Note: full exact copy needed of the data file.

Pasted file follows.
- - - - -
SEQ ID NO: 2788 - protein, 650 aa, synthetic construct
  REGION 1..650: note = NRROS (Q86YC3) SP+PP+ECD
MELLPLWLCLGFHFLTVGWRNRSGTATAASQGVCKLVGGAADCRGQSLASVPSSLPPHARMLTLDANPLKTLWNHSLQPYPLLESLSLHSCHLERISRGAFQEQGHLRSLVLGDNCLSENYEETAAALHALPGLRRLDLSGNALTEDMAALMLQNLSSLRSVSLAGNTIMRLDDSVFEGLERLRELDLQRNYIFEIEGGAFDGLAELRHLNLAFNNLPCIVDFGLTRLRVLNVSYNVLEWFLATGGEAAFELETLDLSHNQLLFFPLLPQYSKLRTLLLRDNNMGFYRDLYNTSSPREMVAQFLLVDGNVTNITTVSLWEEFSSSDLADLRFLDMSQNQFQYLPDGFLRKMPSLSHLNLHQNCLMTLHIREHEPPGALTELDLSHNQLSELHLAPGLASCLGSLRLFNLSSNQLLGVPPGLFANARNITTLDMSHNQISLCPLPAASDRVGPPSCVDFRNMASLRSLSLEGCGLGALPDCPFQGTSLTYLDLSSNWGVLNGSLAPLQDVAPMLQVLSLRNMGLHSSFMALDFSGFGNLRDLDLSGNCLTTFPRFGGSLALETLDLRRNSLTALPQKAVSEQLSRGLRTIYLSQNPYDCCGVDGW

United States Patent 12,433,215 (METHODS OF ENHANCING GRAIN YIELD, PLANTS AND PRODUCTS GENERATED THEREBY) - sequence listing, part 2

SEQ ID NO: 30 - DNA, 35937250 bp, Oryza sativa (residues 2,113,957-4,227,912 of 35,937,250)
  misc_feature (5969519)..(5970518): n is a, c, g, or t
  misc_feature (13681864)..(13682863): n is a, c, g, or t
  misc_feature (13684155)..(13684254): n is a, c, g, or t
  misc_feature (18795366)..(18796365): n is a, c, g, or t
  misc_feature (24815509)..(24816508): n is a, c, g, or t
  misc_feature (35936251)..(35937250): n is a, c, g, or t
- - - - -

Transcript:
SEQ ID NO: 2788 - protein, 650 aa, synthetic construct
  REGION 1..650: note = NRROS (Q86YC3) SP+PP+ECD
MELLPLWLCLGFHFLTVGWRNRSGTATAASQGVCKLVGGAADCRGQSLASVPSSLPPHARMLTLDANPLKTLWNHSLQPYPLLESLSLHSCHLERISRGAFQEQGHLRSLVLGDNCLSENYEETAAALHALPGLRRLDLSGNALTEDMAALMLQNLSSLRSVSLAGNTIMRLDDSVFEGLERLRELDLQRNYIFEIEGGAFDGLAELRHLNLAFNNLPCIVDFGLTRLRVLNVSYNVLEWFLATGGEAAFELETLDLSHNQLLFFPLLPQYSKLRTLLLRDNNMGFYRDLYNTSSPREMVAQFLLVDGNVTNITTVSLWEEFSSSDLADLRFLDMSQNQFQYLPDGFLRKMPSLSHLNLHQNCLMTLHIREHEPPGALTELDLSHNQLSELHLAPGLASCLGSLRLFNLSSNQLLGVPPGLFANARNITTLDMSHNQISLCPLPAASDRVGPPSCVDFRNMASLRSLSLEGCGLGALPDCPFQGTSLTYLDLSSNWGVLNGSLAPLQDVAPMLQVLSLRNMGLHSSFMALDFSGFGNLRDLDLSGNCLTTFPRFGGSLALETLDLRRNSLTALPQKAVSEQLSRGLRTIYLSQNPYDCCGVDGW

United States Patent 12,433,215 (METHODS OF ENHANCING GRAIN YIELD, PLANTS AND PRODUCTS GENERATED THEREBY) - sequence listing, part 2

SEQ ID NO: 30 - DNA, 35937250 bp, Oryza sativa (residues 2,113,957-4,227,912 of 35,937,250)
  misc_feature (5969519)..(5970518): n is a, c, g, or t
  misc_feature (13681864)..(13682863): n is a, c, g, or t
  misc_feature (13684155)..(13684254): n is a, c, g, or t
  misc_feature (18795366)..(18796365): n is a, c, g, or t
  misc_feature (24815509)..(24816508): n is a, c, g, or t
  misc_feature (35936251)..(35937250): n is a, c, g, or t